Throughout its journey, the Church, following in the footsteps of the people of Israel, has listened to the Word of God and has learned to read it in different contexts in order to discover God’s will for each historic moment. This long process of apprenticeship has crystallized in a form of reading the Word which was very early on (from the early 3rd century) called Lectio divina.
With the birth of monasticism, LD became the privileged way of spirituality. It became systematized among the monks. A 12th-century Carthusian left us the stages of this way of reading the Word, which nourished the faith of whole generations of Christians until the 14th century, when the disputes of late Scholasticism opened the way to other, more introspective, kinds of prayer (mental prayer, Ignatian meditation…). Vatican II proposed LD as a privileged form of continual and prayerful contact with Sacred Scripture (DV 25), not only for priests (PO 18) or religious (PC 6), but for all the laity (AA 4). Our congregation also recommends its practice (SW 21.2).
LD is a form of encounter with God alongside the Bible itself. It starts from the conviction that through Scripture God himself comes out to meet us, and that the written words in it are addressed precisely to us in the midst of the joys, longings, hopes or disillusionments of the personal social moment in which we exist.
A summary of Lectio Divina
- INVOCATION OF THE SPIRIT: Before all else, we must invoke the Holy Spirit (epiclesis) to help us know the will of God expressed in Scripture.
- LECTIO:This consists of reading and re-reading the text with attention and respect. It must be done several times, avoiding haste in reading. It aims at overcoming the reading of the eyes in order to attain the reading of the heart, and listening. God speaks and the Lectio divina is only a means of coming to hear (audire) and obey (ob-audire) him. For this, it is well to let the Scripture itself guide us in understanding the text by reading parallel passages and marginal notes, because Scripture interprets itself, as the Fathers of the Church remind us.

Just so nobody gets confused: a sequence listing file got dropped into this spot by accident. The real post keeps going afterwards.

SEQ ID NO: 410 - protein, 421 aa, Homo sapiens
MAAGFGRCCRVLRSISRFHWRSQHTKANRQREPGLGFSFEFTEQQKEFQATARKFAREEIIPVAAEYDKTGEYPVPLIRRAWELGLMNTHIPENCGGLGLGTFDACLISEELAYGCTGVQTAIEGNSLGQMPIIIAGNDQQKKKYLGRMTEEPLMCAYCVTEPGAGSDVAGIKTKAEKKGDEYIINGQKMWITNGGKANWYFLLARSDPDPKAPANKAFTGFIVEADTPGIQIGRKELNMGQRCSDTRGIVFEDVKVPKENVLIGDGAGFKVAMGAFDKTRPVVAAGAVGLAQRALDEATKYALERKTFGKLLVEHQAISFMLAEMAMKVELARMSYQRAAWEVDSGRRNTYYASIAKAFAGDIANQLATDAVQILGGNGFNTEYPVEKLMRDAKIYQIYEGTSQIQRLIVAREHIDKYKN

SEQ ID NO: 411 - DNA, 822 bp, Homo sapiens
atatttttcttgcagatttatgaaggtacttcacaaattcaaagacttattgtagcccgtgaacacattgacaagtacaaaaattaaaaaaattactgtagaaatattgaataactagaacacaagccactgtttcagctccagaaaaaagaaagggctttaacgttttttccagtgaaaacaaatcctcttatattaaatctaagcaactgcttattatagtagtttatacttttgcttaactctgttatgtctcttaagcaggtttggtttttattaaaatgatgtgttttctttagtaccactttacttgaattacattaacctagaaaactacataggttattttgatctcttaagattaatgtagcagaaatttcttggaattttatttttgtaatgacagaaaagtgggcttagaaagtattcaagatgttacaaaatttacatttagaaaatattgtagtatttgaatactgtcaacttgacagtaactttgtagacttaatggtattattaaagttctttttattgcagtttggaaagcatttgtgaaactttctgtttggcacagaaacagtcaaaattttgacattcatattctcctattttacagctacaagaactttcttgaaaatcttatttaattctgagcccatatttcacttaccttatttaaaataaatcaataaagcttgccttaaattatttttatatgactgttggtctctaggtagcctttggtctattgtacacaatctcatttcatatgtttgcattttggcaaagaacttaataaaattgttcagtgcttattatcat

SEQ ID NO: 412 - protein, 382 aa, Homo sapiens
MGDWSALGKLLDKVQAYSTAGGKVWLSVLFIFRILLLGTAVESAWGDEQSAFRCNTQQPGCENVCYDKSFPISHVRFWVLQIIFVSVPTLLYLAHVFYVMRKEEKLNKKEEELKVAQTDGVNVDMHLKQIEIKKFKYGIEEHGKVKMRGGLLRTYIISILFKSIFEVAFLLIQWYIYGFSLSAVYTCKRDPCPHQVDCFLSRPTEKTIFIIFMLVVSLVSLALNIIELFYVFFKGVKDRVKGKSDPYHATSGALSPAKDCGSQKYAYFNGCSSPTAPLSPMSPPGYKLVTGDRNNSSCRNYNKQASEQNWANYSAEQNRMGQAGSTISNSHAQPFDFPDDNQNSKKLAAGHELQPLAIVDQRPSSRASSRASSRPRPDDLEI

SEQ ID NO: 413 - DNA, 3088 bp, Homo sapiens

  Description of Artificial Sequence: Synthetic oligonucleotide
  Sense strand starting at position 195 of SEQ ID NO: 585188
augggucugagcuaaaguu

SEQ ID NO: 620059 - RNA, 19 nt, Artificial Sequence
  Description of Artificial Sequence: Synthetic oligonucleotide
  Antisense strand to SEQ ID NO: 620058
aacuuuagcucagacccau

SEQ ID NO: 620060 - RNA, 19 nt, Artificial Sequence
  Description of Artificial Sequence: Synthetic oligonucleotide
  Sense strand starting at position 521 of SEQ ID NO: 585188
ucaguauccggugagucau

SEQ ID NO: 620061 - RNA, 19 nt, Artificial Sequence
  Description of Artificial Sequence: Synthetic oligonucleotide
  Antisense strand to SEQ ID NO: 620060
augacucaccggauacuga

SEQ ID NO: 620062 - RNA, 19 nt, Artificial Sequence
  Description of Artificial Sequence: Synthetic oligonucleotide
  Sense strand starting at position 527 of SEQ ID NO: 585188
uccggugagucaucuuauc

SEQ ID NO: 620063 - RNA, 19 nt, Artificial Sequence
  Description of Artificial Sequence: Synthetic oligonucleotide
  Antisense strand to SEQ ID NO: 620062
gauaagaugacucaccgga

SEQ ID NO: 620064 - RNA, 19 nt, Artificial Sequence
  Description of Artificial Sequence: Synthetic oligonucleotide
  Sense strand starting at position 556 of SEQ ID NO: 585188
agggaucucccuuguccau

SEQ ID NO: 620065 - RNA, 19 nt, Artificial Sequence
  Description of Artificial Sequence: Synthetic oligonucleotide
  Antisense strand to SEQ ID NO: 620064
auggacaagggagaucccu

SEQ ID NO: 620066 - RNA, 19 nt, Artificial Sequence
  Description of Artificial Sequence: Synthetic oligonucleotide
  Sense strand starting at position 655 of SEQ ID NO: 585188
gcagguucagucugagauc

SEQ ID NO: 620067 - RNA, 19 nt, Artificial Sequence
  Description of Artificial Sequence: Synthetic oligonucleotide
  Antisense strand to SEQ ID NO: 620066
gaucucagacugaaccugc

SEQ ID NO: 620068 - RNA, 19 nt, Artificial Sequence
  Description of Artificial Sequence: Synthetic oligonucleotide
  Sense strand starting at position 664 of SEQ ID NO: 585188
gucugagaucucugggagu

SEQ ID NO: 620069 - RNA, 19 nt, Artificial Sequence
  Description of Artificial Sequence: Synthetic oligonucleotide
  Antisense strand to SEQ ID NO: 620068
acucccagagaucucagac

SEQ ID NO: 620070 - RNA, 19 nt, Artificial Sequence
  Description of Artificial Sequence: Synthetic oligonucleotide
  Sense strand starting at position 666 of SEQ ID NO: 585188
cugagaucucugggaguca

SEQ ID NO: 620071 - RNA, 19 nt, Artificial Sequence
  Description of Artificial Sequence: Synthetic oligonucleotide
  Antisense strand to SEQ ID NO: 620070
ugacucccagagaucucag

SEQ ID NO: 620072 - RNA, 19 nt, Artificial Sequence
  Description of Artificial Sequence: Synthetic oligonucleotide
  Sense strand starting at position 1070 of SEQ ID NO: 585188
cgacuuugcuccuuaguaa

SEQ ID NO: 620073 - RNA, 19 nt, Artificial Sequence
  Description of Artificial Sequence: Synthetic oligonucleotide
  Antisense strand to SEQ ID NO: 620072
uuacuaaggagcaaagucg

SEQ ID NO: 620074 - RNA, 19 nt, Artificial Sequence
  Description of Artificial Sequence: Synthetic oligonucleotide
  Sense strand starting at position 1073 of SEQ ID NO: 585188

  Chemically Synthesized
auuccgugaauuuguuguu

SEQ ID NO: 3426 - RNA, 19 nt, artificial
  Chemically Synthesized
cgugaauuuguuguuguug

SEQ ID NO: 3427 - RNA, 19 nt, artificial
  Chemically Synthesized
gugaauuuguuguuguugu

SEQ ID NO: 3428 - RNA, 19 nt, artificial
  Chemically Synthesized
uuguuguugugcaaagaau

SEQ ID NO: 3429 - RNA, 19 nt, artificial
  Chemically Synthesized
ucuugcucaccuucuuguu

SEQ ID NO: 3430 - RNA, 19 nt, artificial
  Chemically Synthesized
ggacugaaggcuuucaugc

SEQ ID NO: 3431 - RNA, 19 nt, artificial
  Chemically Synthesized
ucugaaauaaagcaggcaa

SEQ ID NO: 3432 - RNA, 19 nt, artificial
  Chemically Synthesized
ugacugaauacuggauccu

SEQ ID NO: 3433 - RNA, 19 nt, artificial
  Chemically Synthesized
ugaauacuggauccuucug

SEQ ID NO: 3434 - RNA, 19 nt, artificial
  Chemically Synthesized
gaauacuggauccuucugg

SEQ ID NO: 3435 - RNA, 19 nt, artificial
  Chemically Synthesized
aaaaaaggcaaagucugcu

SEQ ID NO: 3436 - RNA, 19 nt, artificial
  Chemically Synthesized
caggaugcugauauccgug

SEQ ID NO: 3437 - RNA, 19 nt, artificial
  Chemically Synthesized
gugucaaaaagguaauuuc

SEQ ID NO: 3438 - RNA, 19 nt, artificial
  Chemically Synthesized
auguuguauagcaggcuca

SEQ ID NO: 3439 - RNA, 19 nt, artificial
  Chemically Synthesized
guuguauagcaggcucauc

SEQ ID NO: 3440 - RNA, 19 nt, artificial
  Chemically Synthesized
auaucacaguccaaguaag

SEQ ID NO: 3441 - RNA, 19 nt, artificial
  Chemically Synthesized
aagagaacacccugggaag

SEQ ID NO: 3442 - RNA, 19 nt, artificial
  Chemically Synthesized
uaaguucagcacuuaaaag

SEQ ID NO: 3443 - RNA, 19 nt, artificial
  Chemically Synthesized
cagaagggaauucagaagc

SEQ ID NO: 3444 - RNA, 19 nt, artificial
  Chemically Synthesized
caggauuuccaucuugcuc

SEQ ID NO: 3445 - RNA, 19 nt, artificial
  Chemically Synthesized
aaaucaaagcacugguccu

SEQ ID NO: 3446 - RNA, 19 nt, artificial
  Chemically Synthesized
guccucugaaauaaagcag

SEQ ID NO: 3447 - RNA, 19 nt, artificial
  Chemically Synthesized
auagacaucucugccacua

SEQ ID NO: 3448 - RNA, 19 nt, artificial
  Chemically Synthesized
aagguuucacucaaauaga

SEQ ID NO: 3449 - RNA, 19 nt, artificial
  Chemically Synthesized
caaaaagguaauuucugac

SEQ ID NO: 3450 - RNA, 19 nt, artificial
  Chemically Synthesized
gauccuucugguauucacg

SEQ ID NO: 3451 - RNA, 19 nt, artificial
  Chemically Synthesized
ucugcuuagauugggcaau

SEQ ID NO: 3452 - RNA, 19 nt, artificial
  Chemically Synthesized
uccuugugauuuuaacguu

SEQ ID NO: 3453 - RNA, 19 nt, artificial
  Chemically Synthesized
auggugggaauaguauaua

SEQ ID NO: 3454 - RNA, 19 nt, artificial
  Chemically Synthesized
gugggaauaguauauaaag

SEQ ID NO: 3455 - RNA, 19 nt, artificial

- MEDITATIO: This means ruminating over the text (when some monks call this stage ollation). Go over it again and again, until we discover the message enclosed in it. For this we need the kind of attentive and deep reflection that reaches the deepest meaning of the text from the standpoint of our own personal and situational reality as believers. In meditation, we strike up a dialogue between our life and what the text encloses. We do not always understand the text or do we always obtain the precise word we are looking for. Obedience to the God who speaks to us will sometimes demand that we wait and even acknowledge that we have not understood anything.
- ORATIO: Reading and meditation lead us to prayer, talking with God. Thus far we have been trying to listen to him, to grasp his message for us. Now is the moment to use our heart and sentiments which are expressed in the most varied way: petition, praise, thanks, lamentation, reproach…